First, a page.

• Be helpful, but not too helpful. Customers need to be left alone to think.
  •  If you ignore people, they will ignore you. If you say hello and smile, they feel obligated to come over and look.
  • People actually do buy handspun yarn. Just not at fiber festivals.
  • Don’t take things too personal.
  • Don’t change what you are doing to suit one person because the next person will come along and say the opposite.
  • Someone will always ask you for the one thing you don’t have.
  • Have your prices set beforehand, otherwise you’ll get flummoxed and say the wrong thing (and you can’t go back once you’ve told them a price – “I’m sorry. I told you it was $10, but it’s actually $35.” Goodbye, sale!
  • Regardless of the signs and tags, they will still ask you how much it costs.
  • Try to stay positive throughout the event. Grumpiness will radiate from you and if the customers sense it, they will avoid you.
  • Not every event you sell at will be the right place for you and your goods. It’s ok to say, “That didn’t work and I’m not going back. But now I know.”

And now, let’s revisit some of those years gone by.

December 2006. Called “The Squirrel’s Nest”. Nothing on that table was for sale. ???Craft Sale Table
December 2007. Called “The Zesty Lemon”. A more serious attempt.craft show display
December 2008. Productive year; set up alone.
craft sale table!
December 2009. L-shaped. Introduced teapots, but somewhat sparse.
table display

long weekend

Whoa! That holiday weekend came rushing in and made a mess of things, it seems. I forgot about Friday’s Question because I was out trying to find pants on sale for Rich and little baskets for stitch markers. The rest of the weekend was wrapped up in organizing the garage and other things I can’t remember. I managed to get one last pair of mittens knit up on Thursday, several decorative buttons sewn on to other pairs, and a set of sign stands made.

It’s the sign stands that I am most excited about. I’m sure you’ve seen those place card holders that have a big decorative weight on the bottom and a metal clip at the top. I wanted something like that, except not with a birthday cake, or a fleur-de-lis, or bear holding a balloon. After I explained to Rich what I had in mind (but had no idea how to make it), he explained to me how easy it would be to put something like that together. We needed a few wooden wheels, a bag of little springy clothespins, and some dowel rod. He has a dowel rod collection, so we found rod that fit into the wheels. Then he notched a spot on top of the rod for the clip, glued it in place and bam! Sign stands. I wrapped the rod with yarn to cover the join at the top and to make it more decorative. I’ve got six stands in three different heights (8, 10, and 12 inches). Now my signs won’t have to be wedged here or there or tacked in place with weak and inefficient tape. And when I change my mind (and the sign), I can just take it out of the clip and put in a new one!

It’s great to have a handy AND smart husband! What a combination.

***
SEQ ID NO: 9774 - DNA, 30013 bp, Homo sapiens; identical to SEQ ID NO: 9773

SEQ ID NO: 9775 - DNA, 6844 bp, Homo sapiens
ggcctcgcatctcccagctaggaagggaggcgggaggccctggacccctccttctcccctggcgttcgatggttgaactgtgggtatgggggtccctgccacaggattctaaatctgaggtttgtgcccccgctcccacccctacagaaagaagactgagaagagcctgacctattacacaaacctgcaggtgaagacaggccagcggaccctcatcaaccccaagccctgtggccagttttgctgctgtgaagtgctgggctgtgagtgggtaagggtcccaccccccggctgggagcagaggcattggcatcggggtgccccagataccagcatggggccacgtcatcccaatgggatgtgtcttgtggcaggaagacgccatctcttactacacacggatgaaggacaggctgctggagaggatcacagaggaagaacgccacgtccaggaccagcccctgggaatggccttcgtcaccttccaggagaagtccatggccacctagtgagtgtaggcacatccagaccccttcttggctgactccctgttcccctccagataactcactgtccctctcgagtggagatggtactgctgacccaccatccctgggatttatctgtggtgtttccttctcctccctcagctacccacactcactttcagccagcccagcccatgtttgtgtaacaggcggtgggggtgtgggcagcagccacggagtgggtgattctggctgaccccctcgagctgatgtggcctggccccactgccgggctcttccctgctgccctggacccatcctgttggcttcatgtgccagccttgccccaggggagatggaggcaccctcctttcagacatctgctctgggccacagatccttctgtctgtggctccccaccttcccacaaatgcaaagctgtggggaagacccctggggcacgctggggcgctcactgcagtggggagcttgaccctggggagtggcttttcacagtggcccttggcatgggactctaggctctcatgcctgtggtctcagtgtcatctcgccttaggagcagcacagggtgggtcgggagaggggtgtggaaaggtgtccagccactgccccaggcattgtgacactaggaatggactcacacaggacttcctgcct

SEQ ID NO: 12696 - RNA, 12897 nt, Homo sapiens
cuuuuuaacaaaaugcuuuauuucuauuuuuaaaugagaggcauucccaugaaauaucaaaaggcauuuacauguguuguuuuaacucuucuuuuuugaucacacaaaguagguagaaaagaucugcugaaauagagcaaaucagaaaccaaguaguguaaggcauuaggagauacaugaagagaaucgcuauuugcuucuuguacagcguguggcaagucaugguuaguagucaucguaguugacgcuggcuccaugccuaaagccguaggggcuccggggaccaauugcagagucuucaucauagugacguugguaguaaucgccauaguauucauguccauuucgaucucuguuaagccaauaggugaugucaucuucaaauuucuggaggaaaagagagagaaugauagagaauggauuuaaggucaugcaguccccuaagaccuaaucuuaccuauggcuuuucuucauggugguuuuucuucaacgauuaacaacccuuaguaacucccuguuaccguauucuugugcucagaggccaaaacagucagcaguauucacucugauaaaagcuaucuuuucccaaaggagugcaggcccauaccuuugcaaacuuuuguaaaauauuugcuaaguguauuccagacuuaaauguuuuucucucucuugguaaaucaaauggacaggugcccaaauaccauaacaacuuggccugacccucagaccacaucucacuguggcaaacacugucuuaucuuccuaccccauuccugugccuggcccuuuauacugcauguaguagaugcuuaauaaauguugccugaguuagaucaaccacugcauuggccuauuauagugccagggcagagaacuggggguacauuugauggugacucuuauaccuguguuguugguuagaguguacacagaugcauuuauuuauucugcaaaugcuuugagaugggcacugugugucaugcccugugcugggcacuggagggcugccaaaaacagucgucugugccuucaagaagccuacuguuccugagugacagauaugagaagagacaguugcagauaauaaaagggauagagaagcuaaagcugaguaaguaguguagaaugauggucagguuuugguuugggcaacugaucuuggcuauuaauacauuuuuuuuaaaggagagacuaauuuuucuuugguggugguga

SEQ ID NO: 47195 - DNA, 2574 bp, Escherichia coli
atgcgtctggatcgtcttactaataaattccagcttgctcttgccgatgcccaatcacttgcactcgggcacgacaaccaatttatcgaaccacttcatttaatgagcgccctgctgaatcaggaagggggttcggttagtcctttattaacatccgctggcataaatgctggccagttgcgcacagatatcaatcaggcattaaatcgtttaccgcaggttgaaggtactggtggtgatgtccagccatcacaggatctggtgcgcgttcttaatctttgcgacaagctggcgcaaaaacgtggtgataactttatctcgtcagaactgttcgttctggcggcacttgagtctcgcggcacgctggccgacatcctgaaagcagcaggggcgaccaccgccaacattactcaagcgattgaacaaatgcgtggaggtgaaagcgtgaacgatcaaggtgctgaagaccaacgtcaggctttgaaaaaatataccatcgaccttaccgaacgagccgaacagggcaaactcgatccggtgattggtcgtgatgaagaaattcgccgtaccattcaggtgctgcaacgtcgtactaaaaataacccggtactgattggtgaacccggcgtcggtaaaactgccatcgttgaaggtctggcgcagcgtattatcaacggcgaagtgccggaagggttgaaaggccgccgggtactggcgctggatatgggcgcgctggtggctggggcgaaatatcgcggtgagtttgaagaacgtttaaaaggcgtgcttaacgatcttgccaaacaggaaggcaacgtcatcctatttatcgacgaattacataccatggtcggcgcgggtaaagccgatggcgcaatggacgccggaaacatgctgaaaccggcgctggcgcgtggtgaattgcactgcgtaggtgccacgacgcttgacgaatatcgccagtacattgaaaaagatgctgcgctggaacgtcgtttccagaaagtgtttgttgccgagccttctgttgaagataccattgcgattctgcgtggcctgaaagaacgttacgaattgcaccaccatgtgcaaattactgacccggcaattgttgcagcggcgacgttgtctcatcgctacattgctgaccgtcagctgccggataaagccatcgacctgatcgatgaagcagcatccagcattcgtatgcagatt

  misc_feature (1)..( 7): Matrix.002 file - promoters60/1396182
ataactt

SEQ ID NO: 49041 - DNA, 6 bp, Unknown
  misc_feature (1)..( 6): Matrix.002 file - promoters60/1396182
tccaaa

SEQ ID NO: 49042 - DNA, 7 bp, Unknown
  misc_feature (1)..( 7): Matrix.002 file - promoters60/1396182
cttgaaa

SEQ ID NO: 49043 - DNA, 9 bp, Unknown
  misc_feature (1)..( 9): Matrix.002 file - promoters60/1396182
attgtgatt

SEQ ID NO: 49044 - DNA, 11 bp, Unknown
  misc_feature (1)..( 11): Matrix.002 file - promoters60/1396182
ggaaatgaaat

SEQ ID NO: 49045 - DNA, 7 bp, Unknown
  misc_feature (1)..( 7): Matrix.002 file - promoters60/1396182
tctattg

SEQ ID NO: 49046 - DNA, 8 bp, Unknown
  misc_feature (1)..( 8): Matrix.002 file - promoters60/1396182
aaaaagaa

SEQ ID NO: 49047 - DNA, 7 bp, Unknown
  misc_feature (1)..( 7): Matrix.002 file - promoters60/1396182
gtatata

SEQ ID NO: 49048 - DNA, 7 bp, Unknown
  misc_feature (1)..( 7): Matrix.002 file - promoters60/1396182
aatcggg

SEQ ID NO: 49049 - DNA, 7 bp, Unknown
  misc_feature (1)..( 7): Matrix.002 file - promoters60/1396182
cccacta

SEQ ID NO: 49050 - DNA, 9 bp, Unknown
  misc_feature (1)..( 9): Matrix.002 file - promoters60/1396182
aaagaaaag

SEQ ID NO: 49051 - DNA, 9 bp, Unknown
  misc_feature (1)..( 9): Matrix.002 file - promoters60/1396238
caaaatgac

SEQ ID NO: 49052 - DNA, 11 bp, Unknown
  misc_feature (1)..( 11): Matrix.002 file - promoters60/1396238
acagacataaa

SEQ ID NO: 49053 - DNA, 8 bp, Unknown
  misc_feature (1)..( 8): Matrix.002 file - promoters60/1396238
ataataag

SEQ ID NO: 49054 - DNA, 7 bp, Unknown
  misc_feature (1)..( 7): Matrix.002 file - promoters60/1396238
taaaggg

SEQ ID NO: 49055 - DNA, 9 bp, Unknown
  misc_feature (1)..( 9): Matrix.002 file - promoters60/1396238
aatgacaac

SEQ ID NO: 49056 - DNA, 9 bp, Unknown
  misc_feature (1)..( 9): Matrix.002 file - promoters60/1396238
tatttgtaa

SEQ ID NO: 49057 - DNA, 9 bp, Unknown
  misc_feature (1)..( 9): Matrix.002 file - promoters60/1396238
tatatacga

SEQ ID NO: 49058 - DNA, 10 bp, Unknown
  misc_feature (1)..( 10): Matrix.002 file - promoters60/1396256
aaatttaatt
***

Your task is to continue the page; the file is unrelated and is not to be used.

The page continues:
Stay tuned tonight for photos.

on the road

In case you are trying to find me and my fibers, I’ve added an easily accessible tab to the menu above listing all of the festivals I plan on attending over the next few months. This list should be the most accurate schedule and I will do my best to keep it so. If you have any questions regarding any of these events, pop over to the “Contact” tab and send me a message.

It’s always a pleasure to meet customers, fans, and other fiber-lovers! So, please don’t hesitate to come up and say “Hi”. Just make sure you tell me how you know me. ahahahaa. Your next opportunity is the Holiday Fine Art & Craft Sale at the McDonough Museum in Youngstown, OH (Dec. 3 & 4). I’ll be there with my yarn, mitts, teapots, and various odds and ends.

peachy green mitts
Peachy green mitts. Corriedale, alpaca, Falkland.

learning experiences

The great thing about setting up at shows and festivals is getting to meet people. Whether you are sharing information or making sales, it’s just great to interact with customers face to face.  The other great thing about shows is that you can really learn from your customers and get ideas for the next project.

I learned a few things at the Apple Castle this weekend.  First, I need more stock (but I already knew that).  People don’t like you to make the decision for them, and if you only have one or two of something, they won’t buy it.  They like to pick from a variety of colors and patterns.  Second, I need to offer more alpaca.  There are a lot of farms in this area and people know about them.  They know they are soft and cute and they want to wear it.  I have plenty of alpaca fiber at home, but I just haven’t spent the time to spin it.  Third, I learned how to accept credit cards using the Square.  I was so excited by the whole thing I got a little flustered, but overall it was a great experience.  I’m glad to be able to add that to my business, since I’ve noticed that younger people don’t tend to carry checks, but they do use plastic.  Fourth, I finally realized how a newsletter could be useful.  I just thought that my blog was sufficient, but a newsletter delivers the information directly to the customer.  If I have a coupon or new product I want them to know about right away, I can’t expect them to find it on my blog; I need to bring it to them.  Fifth, I need to be better organized and take my time.  And finally, I could probably talk less.  I suppose it was a good weekend for learning things.  This was also the first time I did a craft show outside of the McDonough.  I passed out a lot of fliers for Indie Knit & Spin and found out a lot of folks there are from Pittsburgh.  And I had a general schedule of upcoming shows I’ll be attending, so I distributed those also.

I suppose, in all, this was a successful outing.  As Rich said, it isn’t solely about money.  You need to find out what your customers are interested in, discover ways to improve your business, and just get out there to remember why you are doing this!

Thanks everyone who stopped by to visit.  And welcome to my blog!